I just had this experience. Someone recommended a book. Sounded interesting, might get, wondering about print or ebook format. Grabbed the Kindle sample to test it out, liked what I read. Kindle book price is £11.15. Process stops for further internal debate.
By the way, the book in question is Winning the Story Wars by Jonah Sachs. It looks good and relevant enough to my interests that I will end up getting it, and if I do I’ll post a review. That price is about the same as I can get the hardback for if I look at Amazon’s marketplace sellers. Regardless of comparisons, it’s too high as an absolute number.
You must price ebooks lower than the print version, by a margin that’s notable in the mind of the customer. Yes, they offer some benefits that print books don’t, but most consumers won’t be thinking about those.
- Customers know they’re not getting a physical thing, and they know that the physical thing has production costs. So in their heads there’s a sort of natural justice that says the ebook costs you less so it should cost them less too.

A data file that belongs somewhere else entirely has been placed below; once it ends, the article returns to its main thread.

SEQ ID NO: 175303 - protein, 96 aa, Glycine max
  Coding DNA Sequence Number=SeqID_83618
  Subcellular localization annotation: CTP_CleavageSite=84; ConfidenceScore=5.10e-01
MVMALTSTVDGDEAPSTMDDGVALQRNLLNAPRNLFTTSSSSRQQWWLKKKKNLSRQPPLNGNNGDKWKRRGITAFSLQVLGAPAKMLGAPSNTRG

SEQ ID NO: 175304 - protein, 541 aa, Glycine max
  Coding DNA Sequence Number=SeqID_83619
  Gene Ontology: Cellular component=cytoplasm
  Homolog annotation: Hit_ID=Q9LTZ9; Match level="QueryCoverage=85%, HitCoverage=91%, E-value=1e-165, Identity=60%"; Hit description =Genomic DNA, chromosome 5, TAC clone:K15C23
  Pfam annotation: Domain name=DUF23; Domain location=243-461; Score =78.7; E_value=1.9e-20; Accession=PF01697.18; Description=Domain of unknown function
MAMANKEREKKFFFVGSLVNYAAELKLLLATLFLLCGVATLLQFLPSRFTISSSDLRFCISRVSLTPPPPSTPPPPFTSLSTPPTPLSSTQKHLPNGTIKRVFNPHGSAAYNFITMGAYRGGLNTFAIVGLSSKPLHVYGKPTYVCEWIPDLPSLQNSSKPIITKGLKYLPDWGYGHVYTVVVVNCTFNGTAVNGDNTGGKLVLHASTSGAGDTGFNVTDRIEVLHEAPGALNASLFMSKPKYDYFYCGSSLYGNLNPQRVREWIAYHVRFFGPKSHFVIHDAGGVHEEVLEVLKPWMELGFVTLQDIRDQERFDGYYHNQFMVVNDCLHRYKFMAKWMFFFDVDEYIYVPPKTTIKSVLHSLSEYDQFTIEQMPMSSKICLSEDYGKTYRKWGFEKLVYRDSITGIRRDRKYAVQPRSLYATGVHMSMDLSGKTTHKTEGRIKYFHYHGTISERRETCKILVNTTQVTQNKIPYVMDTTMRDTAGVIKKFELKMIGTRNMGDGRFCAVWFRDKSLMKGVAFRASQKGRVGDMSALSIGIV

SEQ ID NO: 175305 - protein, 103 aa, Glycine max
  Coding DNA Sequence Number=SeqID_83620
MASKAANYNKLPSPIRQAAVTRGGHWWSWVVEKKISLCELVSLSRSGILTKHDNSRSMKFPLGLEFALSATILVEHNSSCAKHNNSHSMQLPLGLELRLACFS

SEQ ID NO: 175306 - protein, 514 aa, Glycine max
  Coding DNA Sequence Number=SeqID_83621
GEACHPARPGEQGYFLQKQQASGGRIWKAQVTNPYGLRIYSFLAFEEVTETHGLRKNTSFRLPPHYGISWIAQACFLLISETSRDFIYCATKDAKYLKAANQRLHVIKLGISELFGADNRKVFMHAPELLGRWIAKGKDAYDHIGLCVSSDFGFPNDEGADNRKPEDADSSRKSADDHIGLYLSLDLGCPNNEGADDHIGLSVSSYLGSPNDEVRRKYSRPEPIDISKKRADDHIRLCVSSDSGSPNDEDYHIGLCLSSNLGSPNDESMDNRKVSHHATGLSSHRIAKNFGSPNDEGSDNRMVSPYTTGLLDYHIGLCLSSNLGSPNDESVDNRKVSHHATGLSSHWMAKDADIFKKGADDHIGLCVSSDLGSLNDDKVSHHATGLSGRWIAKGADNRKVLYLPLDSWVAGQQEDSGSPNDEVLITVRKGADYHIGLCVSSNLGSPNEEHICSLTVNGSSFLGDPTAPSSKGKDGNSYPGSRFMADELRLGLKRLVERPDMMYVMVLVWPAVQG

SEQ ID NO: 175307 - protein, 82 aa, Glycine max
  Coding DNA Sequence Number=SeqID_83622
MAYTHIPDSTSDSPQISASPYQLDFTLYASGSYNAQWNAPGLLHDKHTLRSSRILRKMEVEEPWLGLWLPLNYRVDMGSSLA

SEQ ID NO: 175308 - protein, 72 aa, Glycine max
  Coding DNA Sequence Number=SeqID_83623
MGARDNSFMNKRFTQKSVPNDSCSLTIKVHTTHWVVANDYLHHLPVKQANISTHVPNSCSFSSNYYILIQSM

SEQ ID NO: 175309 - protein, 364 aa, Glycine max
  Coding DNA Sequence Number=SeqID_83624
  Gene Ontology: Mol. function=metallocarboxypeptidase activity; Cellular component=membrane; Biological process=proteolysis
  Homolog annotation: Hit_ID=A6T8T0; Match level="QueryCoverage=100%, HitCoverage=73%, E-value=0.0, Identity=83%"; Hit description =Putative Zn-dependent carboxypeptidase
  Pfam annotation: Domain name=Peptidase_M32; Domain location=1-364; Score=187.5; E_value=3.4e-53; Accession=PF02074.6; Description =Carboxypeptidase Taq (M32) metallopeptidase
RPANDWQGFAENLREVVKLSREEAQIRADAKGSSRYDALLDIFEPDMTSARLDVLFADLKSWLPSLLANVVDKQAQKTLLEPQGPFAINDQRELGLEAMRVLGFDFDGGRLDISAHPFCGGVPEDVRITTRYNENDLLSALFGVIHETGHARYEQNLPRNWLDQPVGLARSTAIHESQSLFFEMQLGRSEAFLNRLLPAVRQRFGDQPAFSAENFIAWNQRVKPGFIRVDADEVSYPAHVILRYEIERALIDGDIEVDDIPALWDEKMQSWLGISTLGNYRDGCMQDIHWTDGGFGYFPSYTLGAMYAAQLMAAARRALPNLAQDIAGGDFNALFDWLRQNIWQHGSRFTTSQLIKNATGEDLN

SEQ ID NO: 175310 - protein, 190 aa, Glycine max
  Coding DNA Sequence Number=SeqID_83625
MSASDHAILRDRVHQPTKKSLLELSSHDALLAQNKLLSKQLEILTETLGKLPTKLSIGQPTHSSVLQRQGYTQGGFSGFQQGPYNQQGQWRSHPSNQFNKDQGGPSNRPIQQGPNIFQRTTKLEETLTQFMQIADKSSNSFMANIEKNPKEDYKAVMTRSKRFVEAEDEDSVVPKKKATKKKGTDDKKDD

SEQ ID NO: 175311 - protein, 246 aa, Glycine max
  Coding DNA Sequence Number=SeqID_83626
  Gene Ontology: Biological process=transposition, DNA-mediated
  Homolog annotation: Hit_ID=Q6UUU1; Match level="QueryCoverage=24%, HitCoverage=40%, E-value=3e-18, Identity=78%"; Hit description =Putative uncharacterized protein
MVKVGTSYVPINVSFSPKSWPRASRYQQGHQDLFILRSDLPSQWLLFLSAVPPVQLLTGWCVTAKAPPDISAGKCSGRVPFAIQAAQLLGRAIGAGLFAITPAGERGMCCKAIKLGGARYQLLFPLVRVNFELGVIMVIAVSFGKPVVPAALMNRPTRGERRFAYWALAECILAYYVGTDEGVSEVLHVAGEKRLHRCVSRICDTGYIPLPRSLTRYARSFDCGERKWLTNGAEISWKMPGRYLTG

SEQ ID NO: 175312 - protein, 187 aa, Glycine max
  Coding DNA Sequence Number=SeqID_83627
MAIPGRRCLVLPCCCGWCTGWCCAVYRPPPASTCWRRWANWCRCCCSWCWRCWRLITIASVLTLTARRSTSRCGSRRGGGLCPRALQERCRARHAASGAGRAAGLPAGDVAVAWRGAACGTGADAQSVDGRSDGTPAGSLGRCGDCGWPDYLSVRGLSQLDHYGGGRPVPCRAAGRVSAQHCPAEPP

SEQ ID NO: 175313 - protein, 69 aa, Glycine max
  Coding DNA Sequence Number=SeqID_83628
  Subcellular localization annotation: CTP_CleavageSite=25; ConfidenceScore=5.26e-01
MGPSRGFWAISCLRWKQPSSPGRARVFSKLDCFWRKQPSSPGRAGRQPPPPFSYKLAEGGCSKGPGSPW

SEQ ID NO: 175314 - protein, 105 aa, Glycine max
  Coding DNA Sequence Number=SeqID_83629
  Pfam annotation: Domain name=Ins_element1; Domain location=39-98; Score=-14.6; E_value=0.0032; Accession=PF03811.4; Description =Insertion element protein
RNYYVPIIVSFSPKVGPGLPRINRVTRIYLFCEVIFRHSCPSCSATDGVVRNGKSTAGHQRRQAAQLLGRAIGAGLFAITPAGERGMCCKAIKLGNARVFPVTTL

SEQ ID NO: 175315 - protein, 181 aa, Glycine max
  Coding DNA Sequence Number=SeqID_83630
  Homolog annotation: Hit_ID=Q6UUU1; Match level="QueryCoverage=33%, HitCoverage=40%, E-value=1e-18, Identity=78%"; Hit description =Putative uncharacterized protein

- You own a print book, and can lend, give or re-sell it. A lot of people also think it’s a preferable reading experience, though that’s eroding. Folks are gradually waking up to the fact that you only rent ebooks. You can’t share them freely, and if Amazon or whoever wants to take them away from you it can. (This is going to be an interesting field to watch in the next couple of years.) With print you’re paying for an object; with ebooks you’re paying for an experience.
- Marketing of ebooks is all about speed and convenience. It’s about being able to find something that interests you, check out a bit more about it, click, payment happens behind the scenes, content appears instantly in your hand. Maybe there are people who are wealthy enough that the £10.00 barrier doesn’t trigger extra caution, but I think for most people it will. Don’t put barriers in the way of people saying yes.
Finally, of course this is all context-related. I personally sell PDF books priced at $10+ in the roleplaying game market. So maybe I’m just talking about where the expectations are set at Amazon and similar stores, and you need to think about the psychology of each sales channel’s users.